Two-year plan to rejuvenate far north shops

19th January 2011 from Press & Journal, Aberdeen

Caithness Chamber of Commerce has just secured £121,000 funding to launch a two-year programme to breathe fresh life into the retail scene at Thurso and Wick.

A full-time town-centre development officer is to be hired to help stem the steady fall-off in trading activity.

The initiative is also to help the far north independent retail sector counter the impact of the wind-down and eventual loss of the Dounreay nuclear plant.

Like many other towns in Scotland, Thurso and Wick has witnessed shop closures and gap sites, but in the far north there is hope that the rundown in local high street trade can be checked and gradually reversed.

The development officer will have the remit to stimulate new opportunities for the local retail sector, promote tourism and encourage inward investment.

Chamber chief executive Trudy Morris said: “It’s fantastic that we’ve finally got the funding confirmed.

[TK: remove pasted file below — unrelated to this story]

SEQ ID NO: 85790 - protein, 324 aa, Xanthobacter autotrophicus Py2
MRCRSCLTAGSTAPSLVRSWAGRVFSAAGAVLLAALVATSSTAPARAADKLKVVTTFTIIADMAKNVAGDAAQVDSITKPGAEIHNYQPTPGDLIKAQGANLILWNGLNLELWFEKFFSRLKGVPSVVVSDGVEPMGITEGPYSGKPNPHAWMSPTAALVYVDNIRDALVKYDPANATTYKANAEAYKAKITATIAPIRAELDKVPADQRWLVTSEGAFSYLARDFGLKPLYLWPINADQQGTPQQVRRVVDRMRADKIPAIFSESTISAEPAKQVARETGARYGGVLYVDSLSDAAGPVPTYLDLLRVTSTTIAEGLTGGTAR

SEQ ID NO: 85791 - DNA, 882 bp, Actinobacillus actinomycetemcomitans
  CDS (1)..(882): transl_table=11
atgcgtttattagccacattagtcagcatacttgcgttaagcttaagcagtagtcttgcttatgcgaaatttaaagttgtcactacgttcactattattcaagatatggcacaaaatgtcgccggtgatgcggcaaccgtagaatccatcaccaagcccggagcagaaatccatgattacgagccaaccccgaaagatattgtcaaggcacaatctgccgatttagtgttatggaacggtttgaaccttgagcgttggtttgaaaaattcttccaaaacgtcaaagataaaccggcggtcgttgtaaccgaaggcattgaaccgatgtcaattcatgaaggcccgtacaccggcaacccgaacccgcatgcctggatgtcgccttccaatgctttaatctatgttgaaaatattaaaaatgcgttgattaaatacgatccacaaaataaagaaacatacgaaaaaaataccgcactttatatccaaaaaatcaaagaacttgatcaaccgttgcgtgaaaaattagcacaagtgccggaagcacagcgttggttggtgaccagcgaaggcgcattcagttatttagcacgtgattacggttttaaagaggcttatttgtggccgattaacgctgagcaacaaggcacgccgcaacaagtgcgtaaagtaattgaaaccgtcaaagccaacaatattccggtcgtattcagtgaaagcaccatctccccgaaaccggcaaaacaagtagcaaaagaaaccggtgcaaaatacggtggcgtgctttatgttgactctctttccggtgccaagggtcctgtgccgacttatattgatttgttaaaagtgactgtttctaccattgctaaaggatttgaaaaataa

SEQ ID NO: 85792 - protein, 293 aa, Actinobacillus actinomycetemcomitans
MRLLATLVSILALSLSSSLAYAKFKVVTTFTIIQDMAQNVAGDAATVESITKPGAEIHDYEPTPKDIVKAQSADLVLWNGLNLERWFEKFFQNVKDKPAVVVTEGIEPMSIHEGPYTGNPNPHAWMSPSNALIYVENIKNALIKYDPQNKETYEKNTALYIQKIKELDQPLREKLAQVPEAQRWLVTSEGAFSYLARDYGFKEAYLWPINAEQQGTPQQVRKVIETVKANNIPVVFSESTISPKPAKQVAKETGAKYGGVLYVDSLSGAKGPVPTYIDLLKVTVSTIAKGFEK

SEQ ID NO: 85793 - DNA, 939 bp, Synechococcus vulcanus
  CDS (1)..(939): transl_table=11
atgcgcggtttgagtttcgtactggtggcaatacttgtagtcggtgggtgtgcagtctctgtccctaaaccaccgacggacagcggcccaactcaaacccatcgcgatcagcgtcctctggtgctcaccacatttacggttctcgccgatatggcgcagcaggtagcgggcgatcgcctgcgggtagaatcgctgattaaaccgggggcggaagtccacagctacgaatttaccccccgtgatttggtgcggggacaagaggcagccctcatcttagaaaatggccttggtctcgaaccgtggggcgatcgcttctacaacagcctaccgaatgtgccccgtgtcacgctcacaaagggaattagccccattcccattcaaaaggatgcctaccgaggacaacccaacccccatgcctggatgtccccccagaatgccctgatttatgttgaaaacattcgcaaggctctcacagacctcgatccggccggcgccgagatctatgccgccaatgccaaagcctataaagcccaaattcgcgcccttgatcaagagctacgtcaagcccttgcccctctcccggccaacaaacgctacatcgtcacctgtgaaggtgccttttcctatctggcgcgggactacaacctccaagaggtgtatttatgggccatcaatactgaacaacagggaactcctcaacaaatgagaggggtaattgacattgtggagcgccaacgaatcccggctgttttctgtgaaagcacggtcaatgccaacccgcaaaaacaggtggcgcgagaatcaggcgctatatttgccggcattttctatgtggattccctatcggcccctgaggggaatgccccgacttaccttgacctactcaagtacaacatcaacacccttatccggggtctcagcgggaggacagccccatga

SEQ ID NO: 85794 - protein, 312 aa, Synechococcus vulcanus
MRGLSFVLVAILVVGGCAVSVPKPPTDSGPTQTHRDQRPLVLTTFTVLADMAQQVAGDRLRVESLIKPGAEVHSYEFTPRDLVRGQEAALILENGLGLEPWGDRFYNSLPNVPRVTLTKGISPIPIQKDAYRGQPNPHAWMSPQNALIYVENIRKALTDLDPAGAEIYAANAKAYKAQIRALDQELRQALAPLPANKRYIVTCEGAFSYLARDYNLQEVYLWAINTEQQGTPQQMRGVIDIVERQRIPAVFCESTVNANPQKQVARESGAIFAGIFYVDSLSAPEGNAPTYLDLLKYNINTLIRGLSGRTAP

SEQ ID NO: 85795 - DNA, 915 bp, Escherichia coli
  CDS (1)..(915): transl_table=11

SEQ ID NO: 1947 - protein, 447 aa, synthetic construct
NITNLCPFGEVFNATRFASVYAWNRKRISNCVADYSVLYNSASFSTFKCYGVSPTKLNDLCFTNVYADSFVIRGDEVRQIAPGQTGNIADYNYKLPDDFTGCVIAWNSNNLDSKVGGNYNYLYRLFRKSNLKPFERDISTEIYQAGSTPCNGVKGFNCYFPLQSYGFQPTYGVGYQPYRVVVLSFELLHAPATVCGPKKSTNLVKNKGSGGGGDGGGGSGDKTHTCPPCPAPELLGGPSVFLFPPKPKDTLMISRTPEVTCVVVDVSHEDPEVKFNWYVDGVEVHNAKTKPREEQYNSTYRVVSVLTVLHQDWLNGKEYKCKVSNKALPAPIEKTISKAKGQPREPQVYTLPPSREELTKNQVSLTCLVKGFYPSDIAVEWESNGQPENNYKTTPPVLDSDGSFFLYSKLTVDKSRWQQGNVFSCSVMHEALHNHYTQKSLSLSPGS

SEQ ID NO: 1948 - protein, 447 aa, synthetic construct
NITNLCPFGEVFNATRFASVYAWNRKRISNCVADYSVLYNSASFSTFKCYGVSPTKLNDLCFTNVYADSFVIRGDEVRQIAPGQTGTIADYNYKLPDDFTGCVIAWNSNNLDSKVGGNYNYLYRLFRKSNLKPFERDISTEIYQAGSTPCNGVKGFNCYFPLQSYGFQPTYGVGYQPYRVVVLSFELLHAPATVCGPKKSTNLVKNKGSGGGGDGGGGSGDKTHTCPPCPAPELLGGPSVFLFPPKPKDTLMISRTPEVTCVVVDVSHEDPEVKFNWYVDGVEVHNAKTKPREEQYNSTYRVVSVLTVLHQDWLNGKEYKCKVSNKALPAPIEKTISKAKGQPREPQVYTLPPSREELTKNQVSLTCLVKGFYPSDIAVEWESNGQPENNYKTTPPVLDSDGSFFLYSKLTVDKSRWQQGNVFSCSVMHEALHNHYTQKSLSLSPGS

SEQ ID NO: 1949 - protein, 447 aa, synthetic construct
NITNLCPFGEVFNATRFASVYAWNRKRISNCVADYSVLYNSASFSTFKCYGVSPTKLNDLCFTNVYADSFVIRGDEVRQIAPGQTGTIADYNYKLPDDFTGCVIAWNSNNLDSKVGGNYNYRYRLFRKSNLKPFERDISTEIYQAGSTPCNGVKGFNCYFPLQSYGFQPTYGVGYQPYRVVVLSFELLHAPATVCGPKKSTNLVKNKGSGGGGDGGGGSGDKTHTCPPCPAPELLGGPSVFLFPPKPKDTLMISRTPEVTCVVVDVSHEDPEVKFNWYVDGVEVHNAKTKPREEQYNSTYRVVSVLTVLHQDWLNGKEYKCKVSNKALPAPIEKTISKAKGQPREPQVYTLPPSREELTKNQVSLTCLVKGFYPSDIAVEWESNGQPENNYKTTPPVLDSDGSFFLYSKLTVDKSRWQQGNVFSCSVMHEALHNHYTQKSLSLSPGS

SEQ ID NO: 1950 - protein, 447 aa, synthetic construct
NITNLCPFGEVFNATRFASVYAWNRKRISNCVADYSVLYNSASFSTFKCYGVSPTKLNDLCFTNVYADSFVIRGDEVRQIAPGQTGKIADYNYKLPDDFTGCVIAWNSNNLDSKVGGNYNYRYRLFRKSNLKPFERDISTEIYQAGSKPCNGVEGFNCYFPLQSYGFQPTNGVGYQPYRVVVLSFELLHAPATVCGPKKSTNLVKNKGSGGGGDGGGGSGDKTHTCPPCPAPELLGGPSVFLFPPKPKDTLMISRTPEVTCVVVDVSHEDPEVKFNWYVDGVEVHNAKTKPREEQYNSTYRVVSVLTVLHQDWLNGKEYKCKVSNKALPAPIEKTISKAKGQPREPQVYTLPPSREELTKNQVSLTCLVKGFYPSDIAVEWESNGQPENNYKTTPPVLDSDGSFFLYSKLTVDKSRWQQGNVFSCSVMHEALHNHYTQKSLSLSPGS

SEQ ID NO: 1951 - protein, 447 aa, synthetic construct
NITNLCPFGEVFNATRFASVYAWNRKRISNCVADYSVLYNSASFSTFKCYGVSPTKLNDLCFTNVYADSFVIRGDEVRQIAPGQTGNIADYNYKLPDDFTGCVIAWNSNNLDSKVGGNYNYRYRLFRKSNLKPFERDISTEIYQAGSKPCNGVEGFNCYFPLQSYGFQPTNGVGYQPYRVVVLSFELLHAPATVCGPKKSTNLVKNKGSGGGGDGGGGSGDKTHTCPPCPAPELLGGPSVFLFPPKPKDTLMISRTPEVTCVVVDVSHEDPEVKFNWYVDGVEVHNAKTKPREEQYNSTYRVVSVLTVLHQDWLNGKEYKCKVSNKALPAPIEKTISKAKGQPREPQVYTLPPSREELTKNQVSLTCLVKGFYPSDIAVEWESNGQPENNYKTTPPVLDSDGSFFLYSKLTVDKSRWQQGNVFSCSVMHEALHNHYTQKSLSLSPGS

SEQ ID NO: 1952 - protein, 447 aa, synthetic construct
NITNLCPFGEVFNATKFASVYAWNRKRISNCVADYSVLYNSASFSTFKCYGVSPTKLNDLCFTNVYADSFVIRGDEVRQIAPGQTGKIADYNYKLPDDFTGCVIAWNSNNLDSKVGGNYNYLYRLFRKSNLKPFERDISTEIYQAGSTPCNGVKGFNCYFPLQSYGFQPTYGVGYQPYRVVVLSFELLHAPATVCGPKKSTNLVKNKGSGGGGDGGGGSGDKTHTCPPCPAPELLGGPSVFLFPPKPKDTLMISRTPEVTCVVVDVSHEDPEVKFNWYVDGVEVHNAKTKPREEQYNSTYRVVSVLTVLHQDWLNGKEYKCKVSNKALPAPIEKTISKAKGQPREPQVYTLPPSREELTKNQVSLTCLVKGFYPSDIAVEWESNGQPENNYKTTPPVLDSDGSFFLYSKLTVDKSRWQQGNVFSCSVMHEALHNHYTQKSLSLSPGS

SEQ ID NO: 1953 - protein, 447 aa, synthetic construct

“Apart from creating the new full-time post, we also have a budget for marketing activities.”

She said the idea followed a study commissioned by Highlands and Islands Enterprise in 2007 into the far north retail sector.

This led to a town-centre strategy being devised by the chamber, Caithness Partnership, Caithness and North Sutherland Regeneration Partnership (CNSRP) and Highland Council.

Funding for the initiative came from the Highland Leader programme and the Nuclear Decommissioning Authority (NDA).

Anna MacConnell, socio-economic manager for the NDA, said: “The town centres traditionally provided good business opportunities and valuable employment and their vibrancy is important for community wellbeing.

“Concentrating on helping local firms to sustain and develop their trade against a difficult and constantly changing economic landscape will, hopefully, have lasting local benefit.”

The chamber envisages that by 2020 Wick and Thurso will be thriving, well-connected and managed towns that retain their unique and traditional shopping alongside high street brands.

Press & Journal, Aberdeen:

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